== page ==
But at the other end of the size scale, there has also been a growing market for quirky properties that may be small, but offer an experience that is out of the ordinary.
Specialist companies offering properties that are far from the run of the mill have sprung up and you can now choose to spend a cosy weekend with a loved one in any number of converted buses, trains or lorries, or lay your head in repurposed lighthouses, electricity substations or churches.
At one end of this trend is glamping, which encompasses all things luxury in the world of camping, while at the other are some of the most expensive and unusual holiday homes on the market.
The range on offer has grown at a phenomenal rate as owners realise that they can convert almost anything into marketable accommodation.
Farmers and landowners are making use of the spare space or underused buildings they have to diversify into offering staycation holidays. Yurts, tipis, caravans and bothies are all proving popular with weekenders and can be a cost-effective use of land.
In East Lothian, Balfour Stewart of Bankrugg Farm near Gifford, completed the conversion of the first of three single-decker buses to provide very special rural retreats.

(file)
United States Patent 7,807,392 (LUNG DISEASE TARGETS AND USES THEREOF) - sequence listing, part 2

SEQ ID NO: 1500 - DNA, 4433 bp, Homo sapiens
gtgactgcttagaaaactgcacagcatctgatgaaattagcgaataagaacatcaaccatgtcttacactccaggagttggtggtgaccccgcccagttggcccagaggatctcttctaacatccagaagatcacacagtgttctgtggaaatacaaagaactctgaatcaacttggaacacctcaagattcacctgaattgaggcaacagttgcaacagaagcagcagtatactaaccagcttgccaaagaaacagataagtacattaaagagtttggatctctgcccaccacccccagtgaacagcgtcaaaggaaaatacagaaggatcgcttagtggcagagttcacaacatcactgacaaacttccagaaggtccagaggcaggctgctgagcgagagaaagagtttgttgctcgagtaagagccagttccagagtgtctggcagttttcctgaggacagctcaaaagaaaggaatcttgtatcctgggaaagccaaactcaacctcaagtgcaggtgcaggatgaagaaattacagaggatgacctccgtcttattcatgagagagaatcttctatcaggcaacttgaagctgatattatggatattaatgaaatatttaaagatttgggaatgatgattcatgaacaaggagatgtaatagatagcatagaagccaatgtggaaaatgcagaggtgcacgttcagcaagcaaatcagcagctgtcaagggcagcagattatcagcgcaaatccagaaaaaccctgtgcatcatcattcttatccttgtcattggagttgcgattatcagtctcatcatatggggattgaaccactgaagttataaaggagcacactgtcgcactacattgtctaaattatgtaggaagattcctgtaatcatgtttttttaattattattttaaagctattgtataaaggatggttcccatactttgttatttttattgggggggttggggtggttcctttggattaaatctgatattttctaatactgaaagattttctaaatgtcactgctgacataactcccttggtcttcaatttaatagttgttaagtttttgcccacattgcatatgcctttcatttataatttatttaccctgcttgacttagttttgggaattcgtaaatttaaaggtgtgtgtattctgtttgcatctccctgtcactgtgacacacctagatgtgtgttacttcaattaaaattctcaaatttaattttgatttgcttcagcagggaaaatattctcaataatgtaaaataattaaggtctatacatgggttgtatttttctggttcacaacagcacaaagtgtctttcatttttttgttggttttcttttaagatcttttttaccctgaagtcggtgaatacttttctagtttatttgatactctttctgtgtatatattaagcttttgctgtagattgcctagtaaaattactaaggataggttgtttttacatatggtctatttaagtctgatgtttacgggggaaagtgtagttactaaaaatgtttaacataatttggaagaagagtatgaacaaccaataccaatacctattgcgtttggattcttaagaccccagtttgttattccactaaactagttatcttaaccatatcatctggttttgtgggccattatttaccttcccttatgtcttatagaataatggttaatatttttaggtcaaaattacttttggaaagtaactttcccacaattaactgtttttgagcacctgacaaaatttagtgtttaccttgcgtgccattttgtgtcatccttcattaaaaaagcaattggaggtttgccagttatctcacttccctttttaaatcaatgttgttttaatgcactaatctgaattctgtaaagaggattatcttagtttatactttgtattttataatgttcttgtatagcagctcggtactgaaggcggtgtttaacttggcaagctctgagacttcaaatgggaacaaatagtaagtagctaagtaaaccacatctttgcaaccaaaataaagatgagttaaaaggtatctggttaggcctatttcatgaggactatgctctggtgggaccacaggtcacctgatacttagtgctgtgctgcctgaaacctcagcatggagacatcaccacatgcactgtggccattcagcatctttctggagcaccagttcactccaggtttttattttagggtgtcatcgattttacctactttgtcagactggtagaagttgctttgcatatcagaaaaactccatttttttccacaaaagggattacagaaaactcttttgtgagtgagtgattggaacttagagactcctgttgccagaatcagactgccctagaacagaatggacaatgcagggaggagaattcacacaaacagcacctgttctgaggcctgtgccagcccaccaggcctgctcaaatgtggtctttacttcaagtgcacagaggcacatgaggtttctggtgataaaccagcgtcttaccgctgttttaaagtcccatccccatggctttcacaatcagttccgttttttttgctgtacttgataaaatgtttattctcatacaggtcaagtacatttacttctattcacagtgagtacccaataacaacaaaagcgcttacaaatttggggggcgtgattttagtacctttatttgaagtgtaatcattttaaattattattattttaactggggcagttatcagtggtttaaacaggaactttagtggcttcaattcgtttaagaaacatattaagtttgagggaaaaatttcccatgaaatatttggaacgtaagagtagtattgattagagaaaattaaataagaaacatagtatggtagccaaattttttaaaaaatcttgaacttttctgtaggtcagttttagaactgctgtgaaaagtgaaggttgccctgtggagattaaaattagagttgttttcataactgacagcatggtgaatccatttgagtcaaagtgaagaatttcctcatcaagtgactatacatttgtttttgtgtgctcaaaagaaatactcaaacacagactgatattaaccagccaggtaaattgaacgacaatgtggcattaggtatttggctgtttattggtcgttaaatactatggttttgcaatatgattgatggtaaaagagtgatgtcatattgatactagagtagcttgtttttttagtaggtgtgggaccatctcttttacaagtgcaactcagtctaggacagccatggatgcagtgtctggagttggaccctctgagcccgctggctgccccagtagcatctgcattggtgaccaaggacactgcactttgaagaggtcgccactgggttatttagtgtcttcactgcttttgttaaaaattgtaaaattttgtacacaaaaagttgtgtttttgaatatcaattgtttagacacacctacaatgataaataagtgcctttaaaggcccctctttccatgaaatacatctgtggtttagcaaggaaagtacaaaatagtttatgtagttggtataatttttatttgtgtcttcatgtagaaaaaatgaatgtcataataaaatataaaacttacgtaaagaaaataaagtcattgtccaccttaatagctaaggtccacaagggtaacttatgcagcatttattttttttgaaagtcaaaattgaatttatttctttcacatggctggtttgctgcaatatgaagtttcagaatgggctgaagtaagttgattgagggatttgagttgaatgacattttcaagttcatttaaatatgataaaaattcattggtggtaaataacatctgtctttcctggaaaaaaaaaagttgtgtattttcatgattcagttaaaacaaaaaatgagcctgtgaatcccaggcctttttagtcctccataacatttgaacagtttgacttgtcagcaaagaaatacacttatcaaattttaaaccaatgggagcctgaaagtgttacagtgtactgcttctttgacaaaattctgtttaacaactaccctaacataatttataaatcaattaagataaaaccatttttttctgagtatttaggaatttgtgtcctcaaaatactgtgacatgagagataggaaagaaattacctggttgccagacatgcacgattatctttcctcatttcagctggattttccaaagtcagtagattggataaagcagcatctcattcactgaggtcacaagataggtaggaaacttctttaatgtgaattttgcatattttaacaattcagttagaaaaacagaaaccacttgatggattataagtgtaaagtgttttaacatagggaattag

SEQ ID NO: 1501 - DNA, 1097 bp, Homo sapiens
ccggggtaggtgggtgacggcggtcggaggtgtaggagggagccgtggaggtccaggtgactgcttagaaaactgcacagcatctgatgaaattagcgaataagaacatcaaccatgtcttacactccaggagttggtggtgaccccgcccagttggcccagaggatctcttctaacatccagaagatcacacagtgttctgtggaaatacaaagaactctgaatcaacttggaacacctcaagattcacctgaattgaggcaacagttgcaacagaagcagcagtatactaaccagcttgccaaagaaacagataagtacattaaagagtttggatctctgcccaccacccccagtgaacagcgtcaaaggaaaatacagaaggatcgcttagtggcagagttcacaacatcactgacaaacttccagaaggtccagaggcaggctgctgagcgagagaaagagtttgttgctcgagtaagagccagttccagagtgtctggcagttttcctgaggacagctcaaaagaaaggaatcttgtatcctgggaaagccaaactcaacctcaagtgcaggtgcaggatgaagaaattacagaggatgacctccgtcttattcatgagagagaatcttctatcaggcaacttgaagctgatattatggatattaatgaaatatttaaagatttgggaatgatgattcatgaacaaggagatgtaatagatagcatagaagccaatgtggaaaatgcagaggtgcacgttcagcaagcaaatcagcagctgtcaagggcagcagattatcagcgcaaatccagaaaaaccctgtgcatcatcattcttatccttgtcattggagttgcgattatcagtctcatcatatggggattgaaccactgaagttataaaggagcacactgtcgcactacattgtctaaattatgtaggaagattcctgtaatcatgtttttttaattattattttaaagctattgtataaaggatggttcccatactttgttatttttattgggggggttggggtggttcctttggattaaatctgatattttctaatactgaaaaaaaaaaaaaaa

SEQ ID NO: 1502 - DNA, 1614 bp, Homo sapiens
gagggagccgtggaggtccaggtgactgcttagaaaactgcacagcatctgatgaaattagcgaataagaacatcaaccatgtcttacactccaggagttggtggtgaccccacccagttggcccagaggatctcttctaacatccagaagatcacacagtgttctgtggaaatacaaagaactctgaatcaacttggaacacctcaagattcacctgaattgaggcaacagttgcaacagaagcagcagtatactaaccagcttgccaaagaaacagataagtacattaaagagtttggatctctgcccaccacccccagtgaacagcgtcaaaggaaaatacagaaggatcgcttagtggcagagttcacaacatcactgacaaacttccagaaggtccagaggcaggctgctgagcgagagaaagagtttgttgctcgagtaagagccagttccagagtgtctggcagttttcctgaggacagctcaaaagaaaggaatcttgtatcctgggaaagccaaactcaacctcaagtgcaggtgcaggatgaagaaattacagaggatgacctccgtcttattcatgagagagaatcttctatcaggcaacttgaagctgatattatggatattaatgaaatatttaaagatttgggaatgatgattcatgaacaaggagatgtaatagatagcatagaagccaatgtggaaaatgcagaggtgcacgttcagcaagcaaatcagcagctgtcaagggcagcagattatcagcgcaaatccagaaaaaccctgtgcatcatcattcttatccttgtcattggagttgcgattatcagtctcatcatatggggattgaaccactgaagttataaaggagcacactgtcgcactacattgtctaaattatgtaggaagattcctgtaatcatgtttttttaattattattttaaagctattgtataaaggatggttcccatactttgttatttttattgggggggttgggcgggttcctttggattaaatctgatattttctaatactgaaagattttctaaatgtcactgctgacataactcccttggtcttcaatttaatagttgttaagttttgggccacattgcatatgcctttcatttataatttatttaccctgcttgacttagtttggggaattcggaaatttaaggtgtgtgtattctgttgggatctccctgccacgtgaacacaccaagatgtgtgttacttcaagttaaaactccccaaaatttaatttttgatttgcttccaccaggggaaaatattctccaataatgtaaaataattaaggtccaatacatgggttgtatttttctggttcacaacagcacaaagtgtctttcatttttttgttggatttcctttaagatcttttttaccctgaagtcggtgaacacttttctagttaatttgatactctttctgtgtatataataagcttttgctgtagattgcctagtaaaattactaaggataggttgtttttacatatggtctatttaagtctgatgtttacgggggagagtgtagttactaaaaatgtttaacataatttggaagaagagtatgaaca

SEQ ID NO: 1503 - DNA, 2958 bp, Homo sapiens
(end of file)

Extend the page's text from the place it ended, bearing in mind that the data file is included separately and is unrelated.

The ingenious accommodation has been hand-crafted by his son-in-law Jason Baker of Good With Wood.
Stewart says: “As a bus enthusiast, with a small collection of old and vintage buses, I was delighted the local planning department shared our vision and felt bold enough to approve our rather novel proposal to turn these into accommodation for a new holiday business.”
Angus Dodds of Savills’ planning team who advised Stewart on the project said: “This has been one of the most enjoyable and creative projects I have had the pleasure of working on.
“The initial bus has already seen its first visitors and the second will be ready soon – it’s wonderful to see the plans become reality.”
A third bus is scheduled to be complete for 2017’s tourist season.
With a glass roof, allowing holidaymakers to sleep under the stars, when complete each bus will include a wood-burning stove, creating a cosy, romantic atmosphere for cooler nights and each will even have a wood-fired hot tub on a private decking area.
In Perthshire, guests at Craighead Howf can choose to spend their nights in a traditional steading, a wood cabin on stilts, a summer house or the spectacular treehouse, built high in an ash tree but also with a wood burning stove and star gazing window above the double bed.
For those who would prefer to keep their feet on the ground, however, the Signal Box at Newtonmore is a very quirky property which sleeps four in accommodation that is upside down in order to take advantage of the views.
Perfect for a rail enthusiast.